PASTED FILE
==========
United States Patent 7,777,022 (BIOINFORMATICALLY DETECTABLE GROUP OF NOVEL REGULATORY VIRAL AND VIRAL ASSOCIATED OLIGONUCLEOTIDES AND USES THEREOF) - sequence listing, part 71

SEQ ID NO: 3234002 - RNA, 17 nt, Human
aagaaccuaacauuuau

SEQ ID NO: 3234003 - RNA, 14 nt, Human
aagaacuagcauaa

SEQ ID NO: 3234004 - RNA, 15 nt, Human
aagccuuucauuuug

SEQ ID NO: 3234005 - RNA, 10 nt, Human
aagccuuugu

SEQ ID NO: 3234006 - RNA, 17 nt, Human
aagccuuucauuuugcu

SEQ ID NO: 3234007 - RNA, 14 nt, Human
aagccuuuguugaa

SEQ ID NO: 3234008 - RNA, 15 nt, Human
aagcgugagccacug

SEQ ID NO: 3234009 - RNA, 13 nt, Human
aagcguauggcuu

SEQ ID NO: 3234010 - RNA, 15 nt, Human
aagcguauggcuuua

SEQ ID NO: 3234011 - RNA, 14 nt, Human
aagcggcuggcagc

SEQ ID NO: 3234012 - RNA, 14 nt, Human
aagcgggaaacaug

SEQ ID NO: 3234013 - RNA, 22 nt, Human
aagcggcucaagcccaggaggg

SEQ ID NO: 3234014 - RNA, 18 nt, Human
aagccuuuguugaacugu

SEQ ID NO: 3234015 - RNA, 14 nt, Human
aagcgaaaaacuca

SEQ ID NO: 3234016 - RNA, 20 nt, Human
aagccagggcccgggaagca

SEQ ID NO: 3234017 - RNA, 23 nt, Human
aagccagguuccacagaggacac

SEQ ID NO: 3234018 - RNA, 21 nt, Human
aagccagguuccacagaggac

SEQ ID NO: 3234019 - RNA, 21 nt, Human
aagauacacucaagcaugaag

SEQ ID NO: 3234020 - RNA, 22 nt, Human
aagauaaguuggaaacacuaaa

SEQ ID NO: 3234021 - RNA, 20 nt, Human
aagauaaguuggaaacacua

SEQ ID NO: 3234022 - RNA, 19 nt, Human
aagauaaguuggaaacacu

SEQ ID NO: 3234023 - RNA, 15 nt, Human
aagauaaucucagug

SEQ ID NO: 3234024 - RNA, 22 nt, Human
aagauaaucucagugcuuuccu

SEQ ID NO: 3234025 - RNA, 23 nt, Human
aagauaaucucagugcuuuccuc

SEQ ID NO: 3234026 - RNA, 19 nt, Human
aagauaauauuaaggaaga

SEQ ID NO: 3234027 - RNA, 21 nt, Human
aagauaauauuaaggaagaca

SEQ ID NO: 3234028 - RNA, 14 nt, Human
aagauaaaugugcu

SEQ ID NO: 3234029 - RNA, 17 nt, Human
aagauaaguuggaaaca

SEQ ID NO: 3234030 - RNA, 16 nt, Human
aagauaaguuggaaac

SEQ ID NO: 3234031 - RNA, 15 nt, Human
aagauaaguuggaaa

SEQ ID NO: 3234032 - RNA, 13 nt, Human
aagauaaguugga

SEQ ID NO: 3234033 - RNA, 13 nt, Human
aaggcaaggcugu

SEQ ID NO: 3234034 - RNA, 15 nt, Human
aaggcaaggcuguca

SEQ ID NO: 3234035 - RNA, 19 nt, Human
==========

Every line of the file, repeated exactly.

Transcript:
United States Patent 7,777,022 (BIOINFORMATICALLY DETECTABLE GROUP OF NOVEL REGULATORY VIRAL AND VIRAL ASSOCIATED OLIGONUCLEOTIDES AND USES THEREOF) - sequence listing, part 71

SEQ ID NO: 3234002 - RNA, 17 nt, Human
aagaaccuaacauuuau

SEQ ID NO: 3234003 - RNA, 14 nt, Human
aagaacuagcauaa

SEQ ID NO: 3234004 - RNA, 15 nt, Human
aagccuuucauuuug

SEQ ID NO: 3234005 - RNA, 10 nt, Human
aagccuuugu

SEQ ID NO: 3234006 - RNA, 17 nt, Human
aagccuuucauuuugcu

SEQ ID NO: 3234007 - RNA, 14 nt, Human
aagccuuuguugaa

SEQ ID NO: 3234008 - RNA, 15 nt, Human
aagcgugagccacug

SEQ ID NO: 3234009 - RNA, 13 nt, Human
aagcguauggcuu

SEQ ID NO: 3234010 - RNA, 15 nt, Human
aagcguauggcuuua

SEQ ID NO: 3234011 - RNA, 14 nt, Human
aagcggcuggcagc

SEQ ID NO: 3234012 - RNA, 14 nt, Human
aagcgggaaacaug

SEQ ID NO: 3234013 - RNA, 22 nt, Human
aagcggcucaagcccaggaggg

SEQ ID NO: 3234014 - RNA, 18 nt, Human
aagccuuuguugaacugu

SEQ ID NO: 3234015 - RNA, 14 nt, Human
aagcgaaaaacuca

SEQ ID NO: 3234016 - RNA, 20 nt, Human
aagccagggcccgggaagca

SEQ ID NO: 3234017 - RNA, 23 nt, Human
aagccagguuccacagaggacac

SEQ ID NO: 3234018 - RNA, 21 nt, Human
aagccagguuccacagaggac

SEQ ID NO: 3234019 - RNA, 21 nt, Human
aagauacacucaagcaugaag

SEQ ID NO: 3234020 - RNA, 22 nt, Human
aagauaaguuggaaacacuaaa

SEQ ID NO: 3234021 - RNA, 20 nt, Human
aagauaaguuggaaacacua

SEQ ID NO: 3234022 - RNA, 19 nt, Human
aagauaaguuggaaacacu

SEQ ID NO: 3234023 - RNA, 15 nt, Human
aagauaaucucagug

SEQ ID NO: 3234024 - RNA, 22 nt, Human
aagauaaucucagugcuuuccu

SEQ ID NO: 3234025 - RNA, 23 nt, Human
aagauaaucucagugcuuuccuc

SEQ ID NO: 3234026 - RNA, 19 nt, Human
aagauaauauuaaggaaga

SEQ ID NO: 3234027 - RNA, 21 nt, Human
aagauaauauuaaggaagaca

SEQ ID NO: 3234028 - RNA, 14 nt, Human
aagauaaaugugcu

SEQ ID NO: 3234029 - RNA, 17 nt, Human
aagauaaguuggaaaca

SEQ ID NO: 3234030 - RNA, 16 nt, Human
aagauaaguuggaaac

SEQ ID NO: 3234031 - RNA, 15 nt, Human
aagauaaguuggaaa

SEQ ID NO: 3234032 - RNA, 13 nt, Human
aagauaaguugga

SEQ ID NO: 3234033 - RNA, 13 nt, Human
aaggcaaggcugu

SEQ ID NO: 3234034 - RNA, 15 nt, Human
aaggcaaggcuguca

SEQ ID NO: 3234035 - RNA, 19 nt, Human